The Columbus Blue Jackets season has really sucked so far, and for all sorts of reasons. The defense has been (probably rightfully) been called out as pathetic, porous, and generally ineffective. Steve Mason has been identified as both the biggest problem and sucker behind that defense. I'm honestly not sure which it is at this point, but he's not exactly helping matters.
But one area that continues to confuse me is overall offensive production. Currently, the Blue Jackets sit at 2.27 goals per game. Last year, the Jackets had a whole-season 2.56 goals per game total. While that ranked lower in the NHL, there has been a decrease in goals per game - and if not for the games against Ottawa and Detroit, the total would only be 2.00 goals per game. That's certainly not going to win many games.
So where is the offense? Should it actually be this bad? I'd like to think it shouldn't, and player history suggests things will turn around (even if not totally).
One of the most useful ways to determine "typical" production out of a player is to visit the infinite time-sink (in the best way) that is Hockey-Reference.com. Beyond all the tables and lists and general insight, individual players each have a page full of information about their points, adjusted points, and other information. A typical page can be found here.
I submit that a good point of comparison for a player against himself can be seasonal vs. career goals, assists, and points per game data. Admittedly, it can be difficult to use these totals as players grow up, grow old, or move to different teams, but this gives some insight into how relatively good or bad a particular season has been. For the Blue Jackets, I think this type of comparison is even more useful - much of the forward core remains constant from last year.
Thus, I decided to compile all this information and see just how far off the forwards have been from their career norms. This looks at the career and current production in each area, followed by the difference between the current and career. Click on the image if you'd like a bigger/clearer look at the table.
Of course, this is a slightly flawed approach with only 11 games played. And it's even more problematic for players like Carter and Calvert who have been dealing with injury and haven't played in all 11 games. And for Calvert in particular, his averages are based on 48 total games. But it gives us a baseline to deal with. So where do things stand right now?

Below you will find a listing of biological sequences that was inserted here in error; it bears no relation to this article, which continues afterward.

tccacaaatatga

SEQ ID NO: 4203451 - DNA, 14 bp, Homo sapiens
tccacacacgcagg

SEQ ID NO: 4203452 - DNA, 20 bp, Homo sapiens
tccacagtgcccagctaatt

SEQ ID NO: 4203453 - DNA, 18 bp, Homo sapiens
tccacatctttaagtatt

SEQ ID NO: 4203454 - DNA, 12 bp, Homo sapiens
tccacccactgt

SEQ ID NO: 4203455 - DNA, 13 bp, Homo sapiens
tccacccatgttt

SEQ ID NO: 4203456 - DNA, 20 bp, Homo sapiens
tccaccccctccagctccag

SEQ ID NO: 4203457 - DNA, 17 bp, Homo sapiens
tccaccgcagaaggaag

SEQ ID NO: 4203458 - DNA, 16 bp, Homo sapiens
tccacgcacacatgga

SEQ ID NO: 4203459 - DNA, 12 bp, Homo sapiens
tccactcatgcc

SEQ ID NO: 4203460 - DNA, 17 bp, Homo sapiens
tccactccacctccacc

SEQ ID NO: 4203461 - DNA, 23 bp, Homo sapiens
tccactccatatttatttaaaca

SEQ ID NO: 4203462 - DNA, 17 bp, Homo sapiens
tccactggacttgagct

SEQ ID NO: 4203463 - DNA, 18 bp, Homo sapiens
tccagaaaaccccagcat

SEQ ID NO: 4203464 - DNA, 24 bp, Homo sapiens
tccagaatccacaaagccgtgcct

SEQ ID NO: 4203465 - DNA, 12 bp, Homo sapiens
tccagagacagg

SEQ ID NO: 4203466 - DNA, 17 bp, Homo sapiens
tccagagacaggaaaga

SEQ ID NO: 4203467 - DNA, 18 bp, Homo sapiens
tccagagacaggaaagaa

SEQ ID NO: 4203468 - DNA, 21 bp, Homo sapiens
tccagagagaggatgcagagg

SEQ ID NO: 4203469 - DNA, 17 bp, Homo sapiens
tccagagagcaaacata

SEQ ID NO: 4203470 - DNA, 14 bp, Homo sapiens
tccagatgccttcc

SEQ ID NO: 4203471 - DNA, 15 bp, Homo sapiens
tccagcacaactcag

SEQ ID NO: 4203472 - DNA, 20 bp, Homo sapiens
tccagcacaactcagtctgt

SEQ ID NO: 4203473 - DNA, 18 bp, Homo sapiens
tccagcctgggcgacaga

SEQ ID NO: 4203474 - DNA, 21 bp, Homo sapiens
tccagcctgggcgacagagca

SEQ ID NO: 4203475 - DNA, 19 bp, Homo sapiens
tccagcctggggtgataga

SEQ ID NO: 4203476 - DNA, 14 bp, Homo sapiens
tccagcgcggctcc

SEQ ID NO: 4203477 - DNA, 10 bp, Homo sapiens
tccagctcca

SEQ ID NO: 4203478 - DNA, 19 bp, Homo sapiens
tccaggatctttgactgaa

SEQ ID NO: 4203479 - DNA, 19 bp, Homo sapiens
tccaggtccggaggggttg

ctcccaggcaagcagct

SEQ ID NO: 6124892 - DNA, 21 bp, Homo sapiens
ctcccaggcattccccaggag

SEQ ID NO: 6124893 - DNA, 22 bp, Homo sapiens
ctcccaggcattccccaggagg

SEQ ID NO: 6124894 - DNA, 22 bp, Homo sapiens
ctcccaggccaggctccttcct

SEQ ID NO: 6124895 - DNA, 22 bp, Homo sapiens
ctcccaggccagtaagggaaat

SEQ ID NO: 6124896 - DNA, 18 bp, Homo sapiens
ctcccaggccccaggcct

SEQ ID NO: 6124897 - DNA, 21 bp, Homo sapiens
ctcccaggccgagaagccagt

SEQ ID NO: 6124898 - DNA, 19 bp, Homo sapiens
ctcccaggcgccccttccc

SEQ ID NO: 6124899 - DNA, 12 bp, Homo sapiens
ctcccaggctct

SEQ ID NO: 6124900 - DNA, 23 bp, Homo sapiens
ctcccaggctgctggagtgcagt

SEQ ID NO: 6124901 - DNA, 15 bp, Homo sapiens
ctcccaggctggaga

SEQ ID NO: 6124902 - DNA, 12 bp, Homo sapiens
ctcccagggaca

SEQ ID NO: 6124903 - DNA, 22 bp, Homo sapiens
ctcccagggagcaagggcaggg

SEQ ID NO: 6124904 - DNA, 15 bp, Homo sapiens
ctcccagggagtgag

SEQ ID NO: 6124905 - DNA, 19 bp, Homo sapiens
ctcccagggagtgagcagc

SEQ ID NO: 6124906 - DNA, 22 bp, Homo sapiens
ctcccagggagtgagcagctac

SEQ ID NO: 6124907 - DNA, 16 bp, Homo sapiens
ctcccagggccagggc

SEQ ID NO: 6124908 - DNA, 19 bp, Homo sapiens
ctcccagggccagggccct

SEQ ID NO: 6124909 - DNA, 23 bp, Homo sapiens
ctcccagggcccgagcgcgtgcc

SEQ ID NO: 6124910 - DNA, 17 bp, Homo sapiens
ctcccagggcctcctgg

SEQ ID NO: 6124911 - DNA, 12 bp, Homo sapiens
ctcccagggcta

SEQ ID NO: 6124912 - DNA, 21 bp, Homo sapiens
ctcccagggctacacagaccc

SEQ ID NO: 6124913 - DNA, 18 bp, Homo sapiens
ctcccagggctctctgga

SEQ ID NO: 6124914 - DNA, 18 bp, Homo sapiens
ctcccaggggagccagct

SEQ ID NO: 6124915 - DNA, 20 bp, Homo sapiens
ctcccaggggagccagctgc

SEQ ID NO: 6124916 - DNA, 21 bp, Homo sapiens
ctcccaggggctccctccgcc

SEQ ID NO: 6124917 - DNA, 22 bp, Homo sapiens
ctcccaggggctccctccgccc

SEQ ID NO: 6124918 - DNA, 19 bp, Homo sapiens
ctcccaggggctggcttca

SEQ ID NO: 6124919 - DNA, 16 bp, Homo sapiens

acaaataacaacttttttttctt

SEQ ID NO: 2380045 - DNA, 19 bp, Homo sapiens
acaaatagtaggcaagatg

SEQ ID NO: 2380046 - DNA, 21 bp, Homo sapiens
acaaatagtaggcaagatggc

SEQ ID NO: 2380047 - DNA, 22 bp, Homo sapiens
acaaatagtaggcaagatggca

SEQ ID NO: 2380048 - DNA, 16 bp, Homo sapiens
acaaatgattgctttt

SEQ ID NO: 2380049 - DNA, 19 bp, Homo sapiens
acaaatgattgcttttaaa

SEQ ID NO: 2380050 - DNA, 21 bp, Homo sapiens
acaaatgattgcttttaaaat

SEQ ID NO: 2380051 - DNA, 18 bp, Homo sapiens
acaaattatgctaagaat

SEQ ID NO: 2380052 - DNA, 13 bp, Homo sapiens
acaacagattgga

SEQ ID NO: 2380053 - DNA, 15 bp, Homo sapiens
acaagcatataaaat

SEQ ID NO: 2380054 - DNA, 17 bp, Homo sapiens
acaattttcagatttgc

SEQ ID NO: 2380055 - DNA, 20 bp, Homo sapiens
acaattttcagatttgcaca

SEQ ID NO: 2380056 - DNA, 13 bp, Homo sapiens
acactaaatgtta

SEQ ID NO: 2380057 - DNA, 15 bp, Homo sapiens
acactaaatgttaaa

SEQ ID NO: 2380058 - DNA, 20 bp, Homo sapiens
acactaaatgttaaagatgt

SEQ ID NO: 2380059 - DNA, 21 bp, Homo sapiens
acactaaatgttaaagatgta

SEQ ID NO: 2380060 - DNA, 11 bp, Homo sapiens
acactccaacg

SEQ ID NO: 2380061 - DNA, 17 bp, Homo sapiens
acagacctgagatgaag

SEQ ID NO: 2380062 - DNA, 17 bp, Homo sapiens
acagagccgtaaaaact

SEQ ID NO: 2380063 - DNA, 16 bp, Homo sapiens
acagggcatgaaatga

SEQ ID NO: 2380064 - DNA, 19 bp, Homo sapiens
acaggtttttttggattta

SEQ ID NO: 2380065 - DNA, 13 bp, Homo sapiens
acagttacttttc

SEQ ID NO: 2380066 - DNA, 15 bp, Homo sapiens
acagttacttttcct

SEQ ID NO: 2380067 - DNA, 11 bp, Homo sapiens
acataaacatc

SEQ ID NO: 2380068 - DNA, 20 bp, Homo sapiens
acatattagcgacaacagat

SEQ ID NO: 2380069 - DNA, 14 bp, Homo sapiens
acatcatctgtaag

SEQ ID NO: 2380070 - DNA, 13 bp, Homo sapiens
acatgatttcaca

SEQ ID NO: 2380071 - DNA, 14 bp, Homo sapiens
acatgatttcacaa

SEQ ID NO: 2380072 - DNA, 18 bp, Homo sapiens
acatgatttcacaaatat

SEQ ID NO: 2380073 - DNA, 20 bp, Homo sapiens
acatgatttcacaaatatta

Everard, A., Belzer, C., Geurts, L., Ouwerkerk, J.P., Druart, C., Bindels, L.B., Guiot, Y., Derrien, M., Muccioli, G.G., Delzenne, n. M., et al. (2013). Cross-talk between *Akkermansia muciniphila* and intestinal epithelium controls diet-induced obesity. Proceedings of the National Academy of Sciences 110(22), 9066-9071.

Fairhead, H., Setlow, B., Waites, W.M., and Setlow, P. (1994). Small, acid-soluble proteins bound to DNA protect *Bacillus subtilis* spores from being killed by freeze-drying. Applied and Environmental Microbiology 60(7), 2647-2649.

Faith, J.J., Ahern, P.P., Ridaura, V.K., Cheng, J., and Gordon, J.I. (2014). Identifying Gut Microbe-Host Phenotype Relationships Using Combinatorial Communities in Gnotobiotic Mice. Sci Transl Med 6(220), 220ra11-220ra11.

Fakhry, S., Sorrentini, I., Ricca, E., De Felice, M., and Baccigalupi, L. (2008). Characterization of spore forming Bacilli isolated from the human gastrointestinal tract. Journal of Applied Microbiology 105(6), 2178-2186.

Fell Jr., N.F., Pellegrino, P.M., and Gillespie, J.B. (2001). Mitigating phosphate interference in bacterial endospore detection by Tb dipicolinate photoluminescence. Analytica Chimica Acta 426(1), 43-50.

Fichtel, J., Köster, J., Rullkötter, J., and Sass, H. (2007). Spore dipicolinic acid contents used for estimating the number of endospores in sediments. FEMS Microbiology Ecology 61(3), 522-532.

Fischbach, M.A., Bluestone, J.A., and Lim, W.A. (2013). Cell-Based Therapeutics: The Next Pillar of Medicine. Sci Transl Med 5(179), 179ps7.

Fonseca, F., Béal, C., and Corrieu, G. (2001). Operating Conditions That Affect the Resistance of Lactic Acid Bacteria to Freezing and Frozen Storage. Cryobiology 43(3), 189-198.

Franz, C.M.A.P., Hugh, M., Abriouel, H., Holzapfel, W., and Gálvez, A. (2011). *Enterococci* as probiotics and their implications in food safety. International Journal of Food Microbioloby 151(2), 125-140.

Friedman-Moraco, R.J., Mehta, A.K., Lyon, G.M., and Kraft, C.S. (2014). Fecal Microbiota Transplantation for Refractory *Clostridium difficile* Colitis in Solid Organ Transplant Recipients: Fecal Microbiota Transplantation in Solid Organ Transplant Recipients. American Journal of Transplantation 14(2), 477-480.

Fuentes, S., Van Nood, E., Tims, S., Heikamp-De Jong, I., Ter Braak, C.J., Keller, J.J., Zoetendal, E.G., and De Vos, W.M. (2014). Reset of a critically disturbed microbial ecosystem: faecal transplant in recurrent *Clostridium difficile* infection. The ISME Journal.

Umberger and Vermette - not shocking to anybody watching, these guys are having poor seasons in overall production. It's actually pretty hard to say which one is more disappointing. Umberger's lowest season total goals per game was 07-08 in Philly with 0.18 goals per game, or double what his pace is right now. Vermette's lowest goals per game was his first NHL season 03-04 with 0.12 goals per game. Not only is this frustrating for both players, it's unprecedented in their careers.
Brassard - Brass is having a typical season thus far in goal production, but has really slipped in assists per game. In fact, except for a brief NHL appearance in 07-08, Brassard was good for at least 0.34 assists per game. This is quite a step back and even more confusing given all his time with Prospal and Nash. But it is certainly off from a typical Brassard year.
Prospal - Prospal is having his best production per game since his 07-08 time in Tampa. However, this is due to a goals per game production that is much higher than his average year. He's never had a full season with a goals per game over 0.41, so it's difficult to believe that his current production can last all year.
Optimism: Hope for Regression - This all looks fairly bleak with such pathetic production, but can we manage to extract any positive details? I would like to believe that we can, and we have to hope for regression to kick in. No, not that regression: statistical regression. There's a reason to look at per-game averages. It provides perspective as to where each player should be playing.
I find it extremely difficult to believe that Umberger, Vermette, Brassard, and Carter will all manage to under-produce for the full season. It's also tough to believe that most of the secondary scoring will also play below their norms. Will they necessarily correct over the remaining games and get back to average production for the whole season? Probably not entirely (these are bad starts, after all). But will their production pick up and get them closer to their career norms? It should be expected as they regress back to their averages. This means the Blue Jackets should pick up scoring as individuals and as a team, even if it's too late to really save the season.